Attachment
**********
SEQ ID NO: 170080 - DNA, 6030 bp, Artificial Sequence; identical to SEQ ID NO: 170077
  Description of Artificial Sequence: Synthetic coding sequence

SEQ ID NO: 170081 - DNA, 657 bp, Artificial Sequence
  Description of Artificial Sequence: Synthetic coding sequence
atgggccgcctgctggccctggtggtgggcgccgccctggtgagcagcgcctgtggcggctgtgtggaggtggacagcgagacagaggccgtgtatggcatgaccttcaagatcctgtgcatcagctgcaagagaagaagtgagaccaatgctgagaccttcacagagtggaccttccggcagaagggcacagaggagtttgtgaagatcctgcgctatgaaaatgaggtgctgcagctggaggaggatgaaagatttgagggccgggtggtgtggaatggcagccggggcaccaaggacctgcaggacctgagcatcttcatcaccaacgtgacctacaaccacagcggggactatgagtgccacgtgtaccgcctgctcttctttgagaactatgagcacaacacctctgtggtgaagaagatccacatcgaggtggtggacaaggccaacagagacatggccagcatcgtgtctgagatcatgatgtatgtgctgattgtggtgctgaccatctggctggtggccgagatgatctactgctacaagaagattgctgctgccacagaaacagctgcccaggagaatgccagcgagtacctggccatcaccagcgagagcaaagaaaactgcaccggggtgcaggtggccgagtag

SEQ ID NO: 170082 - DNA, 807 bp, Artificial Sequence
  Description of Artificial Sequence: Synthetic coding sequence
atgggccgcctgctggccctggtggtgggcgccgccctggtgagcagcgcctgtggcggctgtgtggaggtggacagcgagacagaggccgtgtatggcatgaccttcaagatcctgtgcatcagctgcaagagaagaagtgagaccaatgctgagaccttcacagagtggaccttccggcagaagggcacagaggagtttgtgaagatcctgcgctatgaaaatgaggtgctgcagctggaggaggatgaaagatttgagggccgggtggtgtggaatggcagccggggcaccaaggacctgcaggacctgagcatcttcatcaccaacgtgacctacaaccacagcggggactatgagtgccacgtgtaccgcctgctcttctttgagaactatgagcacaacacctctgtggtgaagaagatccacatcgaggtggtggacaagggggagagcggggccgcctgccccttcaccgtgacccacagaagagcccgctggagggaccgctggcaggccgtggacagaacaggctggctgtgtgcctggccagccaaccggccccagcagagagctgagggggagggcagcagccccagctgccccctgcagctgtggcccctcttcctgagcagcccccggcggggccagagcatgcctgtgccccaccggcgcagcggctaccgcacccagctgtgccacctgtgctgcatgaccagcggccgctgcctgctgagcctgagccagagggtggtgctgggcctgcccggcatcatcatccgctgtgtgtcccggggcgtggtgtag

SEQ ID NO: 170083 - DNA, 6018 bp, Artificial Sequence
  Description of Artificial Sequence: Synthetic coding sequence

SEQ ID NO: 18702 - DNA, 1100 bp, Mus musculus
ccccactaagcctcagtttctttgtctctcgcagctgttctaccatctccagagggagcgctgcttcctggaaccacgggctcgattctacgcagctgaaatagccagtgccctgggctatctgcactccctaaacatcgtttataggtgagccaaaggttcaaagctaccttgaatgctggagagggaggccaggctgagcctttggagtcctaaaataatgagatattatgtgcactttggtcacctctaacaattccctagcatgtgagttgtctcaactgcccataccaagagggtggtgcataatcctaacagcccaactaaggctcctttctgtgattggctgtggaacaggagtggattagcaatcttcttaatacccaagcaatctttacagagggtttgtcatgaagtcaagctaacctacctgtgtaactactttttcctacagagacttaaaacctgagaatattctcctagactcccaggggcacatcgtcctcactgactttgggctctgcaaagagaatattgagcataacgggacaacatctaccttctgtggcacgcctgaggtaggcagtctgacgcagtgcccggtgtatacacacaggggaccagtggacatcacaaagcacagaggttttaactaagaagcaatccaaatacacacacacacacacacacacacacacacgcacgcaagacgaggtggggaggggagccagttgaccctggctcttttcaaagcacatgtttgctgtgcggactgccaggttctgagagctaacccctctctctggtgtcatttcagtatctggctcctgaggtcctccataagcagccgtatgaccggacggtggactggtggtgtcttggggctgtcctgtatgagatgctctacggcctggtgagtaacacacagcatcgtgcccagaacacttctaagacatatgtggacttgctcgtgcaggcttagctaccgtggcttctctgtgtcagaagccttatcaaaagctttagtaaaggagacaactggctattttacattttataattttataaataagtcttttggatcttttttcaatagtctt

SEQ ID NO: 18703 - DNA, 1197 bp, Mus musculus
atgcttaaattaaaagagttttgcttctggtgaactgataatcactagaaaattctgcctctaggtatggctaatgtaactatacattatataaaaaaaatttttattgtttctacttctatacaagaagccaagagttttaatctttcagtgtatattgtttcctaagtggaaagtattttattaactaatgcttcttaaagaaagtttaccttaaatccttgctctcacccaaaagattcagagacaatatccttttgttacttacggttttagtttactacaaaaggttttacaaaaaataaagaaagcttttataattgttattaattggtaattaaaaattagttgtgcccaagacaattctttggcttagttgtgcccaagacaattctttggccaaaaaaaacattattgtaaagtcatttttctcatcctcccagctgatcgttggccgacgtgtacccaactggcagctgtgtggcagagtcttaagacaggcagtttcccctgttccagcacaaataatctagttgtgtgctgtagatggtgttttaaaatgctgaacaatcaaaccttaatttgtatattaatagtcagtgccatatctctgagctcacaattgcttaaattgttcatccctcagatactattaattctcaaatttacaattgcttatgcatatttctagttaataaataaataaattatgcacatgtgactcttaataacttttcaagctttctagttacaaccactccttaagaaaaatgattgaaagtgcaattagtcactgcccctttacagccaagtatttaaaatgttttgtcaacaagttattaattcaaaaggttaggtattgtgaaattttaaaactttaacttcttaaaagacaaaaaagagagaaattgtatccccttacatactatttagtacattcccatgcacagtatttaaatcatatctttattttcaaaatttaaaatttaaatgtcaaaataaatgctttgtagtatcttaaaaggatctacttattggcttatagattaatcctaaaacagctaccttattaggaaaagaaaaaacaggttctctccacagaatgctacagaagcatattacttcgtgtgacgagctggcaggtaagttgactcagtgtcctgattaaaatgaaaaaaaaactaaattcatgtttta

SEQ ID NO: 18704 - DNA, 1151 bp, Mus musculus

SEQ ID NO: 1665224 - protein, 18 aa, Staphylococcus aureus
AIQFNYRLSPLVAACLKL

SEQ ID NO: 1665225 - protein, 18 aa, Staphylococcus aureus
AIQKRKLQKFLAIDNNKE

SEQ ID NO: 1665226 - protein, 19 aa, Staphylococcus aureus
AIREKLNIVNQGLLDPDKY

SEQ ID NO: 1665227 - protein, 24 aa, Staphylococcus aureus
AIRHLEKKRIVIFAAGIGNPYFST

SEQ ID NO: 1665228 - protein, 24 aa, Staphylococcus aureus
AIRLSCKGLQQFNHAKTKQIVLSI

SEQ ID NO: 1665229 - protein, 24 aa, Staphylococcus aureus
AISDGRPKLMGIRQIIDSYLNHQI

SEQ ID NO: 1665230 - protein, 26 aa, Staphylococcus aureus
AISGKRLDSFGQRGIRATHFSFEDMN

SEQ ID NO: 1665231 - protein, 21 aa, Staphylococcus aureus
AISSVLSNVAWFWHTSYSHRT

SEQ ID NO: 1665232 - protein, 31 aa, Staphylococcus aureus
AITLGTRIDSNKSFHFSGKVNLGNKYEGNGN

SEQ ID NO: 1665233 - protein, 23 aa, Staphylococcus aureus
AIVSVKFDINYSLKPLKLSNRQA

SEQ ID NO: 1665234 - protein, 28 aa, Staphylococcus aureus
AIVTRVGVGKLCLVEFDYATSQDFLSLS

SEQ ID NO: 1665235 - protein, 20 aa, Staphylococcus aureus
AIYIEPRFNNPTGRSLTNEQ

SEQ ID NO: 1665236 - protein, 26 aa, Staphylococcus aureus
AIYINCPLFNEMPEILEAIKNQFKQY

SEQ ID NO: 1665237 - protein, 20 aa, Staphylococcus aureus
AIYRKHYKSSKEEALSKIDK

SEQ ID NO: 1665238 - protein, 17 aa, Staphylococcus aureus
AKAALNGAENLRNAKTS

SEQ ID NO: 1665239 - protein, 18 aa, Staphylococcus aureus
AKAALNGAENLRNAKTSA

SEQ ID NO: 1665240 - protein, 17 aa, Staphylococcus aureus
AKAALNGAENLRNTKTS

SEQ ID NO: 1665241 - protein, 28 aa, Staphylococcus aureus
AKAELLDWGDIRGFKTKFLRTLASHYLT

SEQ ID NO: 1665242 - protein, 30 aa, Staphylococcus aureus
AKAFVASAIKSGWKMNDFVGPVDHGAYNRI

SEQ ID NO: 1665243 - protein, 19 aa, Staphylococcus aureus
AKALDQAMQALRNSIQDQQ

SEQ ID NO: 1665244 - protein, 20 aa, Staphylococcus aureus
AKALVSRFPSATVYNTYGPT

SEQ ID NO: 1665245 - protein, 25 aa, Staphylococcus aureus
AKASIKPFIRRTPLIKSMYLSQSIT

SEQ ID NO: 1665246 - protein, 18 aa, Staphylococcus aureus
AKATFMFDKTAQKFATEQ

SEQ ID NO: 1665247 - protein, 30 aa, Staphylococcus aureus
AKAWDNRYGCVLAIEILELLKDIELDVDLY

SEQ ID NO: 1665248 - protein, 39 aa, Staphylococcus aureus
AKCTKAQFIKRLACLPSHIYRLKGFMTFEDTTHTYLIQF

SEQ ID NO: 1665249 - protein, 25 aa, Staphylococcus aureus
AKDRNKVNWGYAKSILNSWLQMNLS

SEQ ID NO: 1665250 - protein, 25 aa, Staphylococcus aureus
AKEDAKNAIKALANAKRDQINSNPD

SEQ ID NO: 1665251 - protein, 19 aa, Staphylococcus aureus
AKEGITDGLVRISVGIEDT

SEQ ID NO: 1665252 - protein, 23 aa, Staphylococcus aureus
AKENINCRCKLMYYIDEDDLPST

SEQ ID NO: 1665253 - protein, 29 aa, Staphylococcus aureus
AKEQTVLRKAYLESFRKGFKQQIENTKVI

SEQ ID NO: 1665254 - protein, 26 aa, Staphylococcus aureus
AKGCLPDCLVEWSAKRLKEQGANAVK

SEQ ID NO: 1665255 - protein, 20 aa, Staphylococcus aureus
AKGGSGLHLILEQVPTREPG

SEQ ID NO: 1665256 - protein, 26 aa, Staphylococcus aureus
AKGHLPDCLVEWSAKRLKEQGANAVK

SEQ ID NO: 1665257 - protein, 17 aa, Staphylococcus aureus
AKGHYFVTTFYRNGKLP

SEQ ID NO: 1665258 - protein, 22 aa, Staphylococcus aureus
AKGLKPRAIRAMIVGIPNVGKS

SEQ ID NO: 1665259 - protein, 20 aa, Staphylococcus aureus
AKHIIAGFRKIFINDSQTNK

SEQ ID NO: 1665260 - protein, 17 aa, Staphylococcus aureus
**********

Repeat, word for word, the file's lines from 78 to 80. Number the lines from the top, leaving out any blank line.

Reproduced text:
SEQ ID NO: 1665255 - protein, 20 aa, Staphylococcus aureus
AKGGSGLHLILEQVPTREPG

SEQ ID NO: 1665256 - protein, 26 aa, Staphylococcus aureus